This month, believers in Jesus can participate in two special ways to show their solidarity with others around the world. The first two Sundays are International Days of Prayer for upholding those persecuted for their faith. And November 14 is designated the International Day of the Bible for us to celebrate Scripture publicly. Participants are asked to read any passage of the Bible at noon and to promote the Bible on social media using the hashtag #BibleCelebration.

With the walls rebuilt, and having settled down in safety, the Jews asked for “their own national day of the Bible” (Nehemiah 6:15-16, 7:73–8:1). “Assembled with a unified purpose,” they wanted to hear Scripture read. “From early morning until noon [Ezra the priest and scribe] read aloud to everyone who could understand” (Nehemiah 8:1-3).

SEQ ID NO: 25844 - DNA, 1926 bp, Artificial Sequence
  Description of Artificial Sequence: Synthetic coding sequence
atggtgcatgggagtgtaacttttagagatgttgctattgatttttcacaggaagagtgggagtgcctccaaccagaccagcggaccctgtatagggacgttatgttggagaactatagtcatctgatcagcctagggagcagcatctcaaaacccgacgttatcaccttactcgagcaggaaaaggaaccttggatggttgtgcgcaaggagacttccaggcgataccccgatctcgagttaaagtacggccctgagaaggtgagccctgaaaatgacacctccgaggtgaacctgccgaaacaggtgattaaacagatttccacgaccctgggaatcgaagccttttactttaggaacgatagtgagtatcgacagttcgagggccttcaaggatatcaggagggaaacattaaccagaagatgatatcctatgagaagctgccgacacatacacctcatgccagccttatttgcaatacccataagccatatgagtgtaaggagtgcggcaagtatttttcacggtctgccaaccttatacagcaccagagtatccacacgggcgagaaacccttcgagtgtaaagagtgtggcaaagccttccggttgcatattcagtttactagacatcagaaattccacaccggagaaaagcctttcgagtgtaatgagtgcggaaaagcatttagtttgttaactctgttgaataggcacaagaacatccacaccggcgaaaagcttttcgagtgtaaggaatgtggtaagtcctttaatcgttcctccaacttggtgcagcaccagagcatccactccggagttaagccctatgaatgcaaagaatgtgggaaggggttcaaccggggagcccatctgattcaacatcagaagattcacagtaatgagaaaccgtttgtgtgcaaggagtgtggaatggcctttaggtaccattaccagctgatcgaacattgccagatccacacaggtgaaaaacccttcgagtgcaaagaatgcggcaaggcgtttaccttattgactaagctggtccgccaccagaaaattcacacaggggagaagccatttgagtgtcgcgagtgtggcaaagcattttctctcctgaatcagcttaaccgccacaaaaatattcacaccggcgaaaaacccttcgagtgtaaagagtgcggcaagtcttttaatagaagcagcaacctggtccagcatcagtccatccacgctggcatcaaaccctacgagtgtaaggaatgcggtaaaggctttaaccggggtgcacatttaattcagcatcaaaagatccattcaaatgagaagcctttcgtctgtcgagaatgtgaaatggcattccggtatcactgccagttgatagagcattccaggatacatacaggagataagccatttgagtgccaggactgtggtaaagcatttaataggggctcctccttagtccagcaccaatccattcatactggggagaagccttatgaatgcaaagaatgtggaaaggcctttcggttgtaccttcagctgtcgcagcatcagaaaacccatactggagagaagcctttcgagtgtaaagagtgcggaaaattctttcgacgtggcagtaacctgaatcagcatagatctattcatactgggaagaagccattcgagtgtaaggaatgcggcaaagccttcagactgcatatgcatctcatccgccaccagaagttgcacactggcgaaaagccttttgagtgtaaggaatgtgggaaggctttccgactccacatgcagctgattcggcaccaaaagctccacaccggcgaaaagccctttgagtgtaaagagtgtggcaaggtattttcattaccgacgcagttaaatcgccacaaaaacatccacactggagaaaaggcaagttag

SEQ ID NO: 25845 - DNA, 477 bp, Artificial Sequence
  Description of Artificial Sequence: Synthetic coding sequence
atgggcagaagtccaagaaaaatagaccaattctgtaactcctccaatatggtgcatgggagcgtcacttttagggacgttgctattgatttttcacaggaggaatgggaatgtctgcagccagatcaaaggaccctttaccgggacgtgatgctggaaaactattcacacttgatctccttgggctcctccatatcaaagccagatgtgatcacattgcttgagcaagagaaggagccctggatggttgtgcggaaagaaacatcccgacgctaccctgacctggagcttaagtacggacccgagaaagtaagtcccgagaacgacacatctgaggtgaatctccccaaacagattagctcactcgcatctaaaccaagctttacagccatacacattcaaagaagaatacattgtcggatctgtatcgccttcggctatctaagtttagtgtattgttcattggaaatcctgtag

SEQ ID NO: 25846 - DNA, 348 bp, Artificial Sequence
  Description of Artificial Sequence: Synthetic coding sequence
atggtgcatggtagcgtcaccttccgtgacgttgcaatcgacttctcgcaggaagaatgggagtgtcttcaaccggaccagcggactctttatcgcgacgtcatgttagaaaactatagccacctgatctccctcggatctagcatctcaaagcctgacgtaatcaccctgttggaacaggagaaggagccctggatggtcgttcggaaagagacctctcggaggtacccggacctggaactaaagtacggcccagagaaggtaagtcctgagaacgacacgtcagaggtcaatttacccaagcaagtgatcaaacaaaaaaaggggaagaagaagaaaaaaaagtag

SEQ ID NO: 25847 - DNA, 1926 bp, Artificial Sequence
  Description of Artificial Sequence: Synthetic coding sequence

The people honored the Scriptures. Everyone “listened closely to the Book of the Law.” And the moment Ezra “[opened] the book, they all rose to their feet” (Nehemiah 8:3,5).

This public Bible reading was also a “Bible conference” for the more than 40,000 people gathered in the city square (Nehemiah 7:66). The teachers “then instructed the people in the Law . . . and clearly explained the meaning of what was being read, helping the people understand each passage” (Nehemiah 8:7-8).

Riveted, “everyone remained in their places.” Convicted, the people repented, “weeping as they listened to the words of the Law.” Instead of sadness, Nehemiah called them to “go and celebrate,” to rejoice in their new beginnings (Nehemiah 8:7-10).

Repentance is definitely an appropriate response. But true engagement with Scripture ultimately leads to rejoicing “with great joy because [we hear] God’s words and [understand] them” (Nehemiah 8:12).

NLT 365-day reading plan passage for today: Acts 17:1-15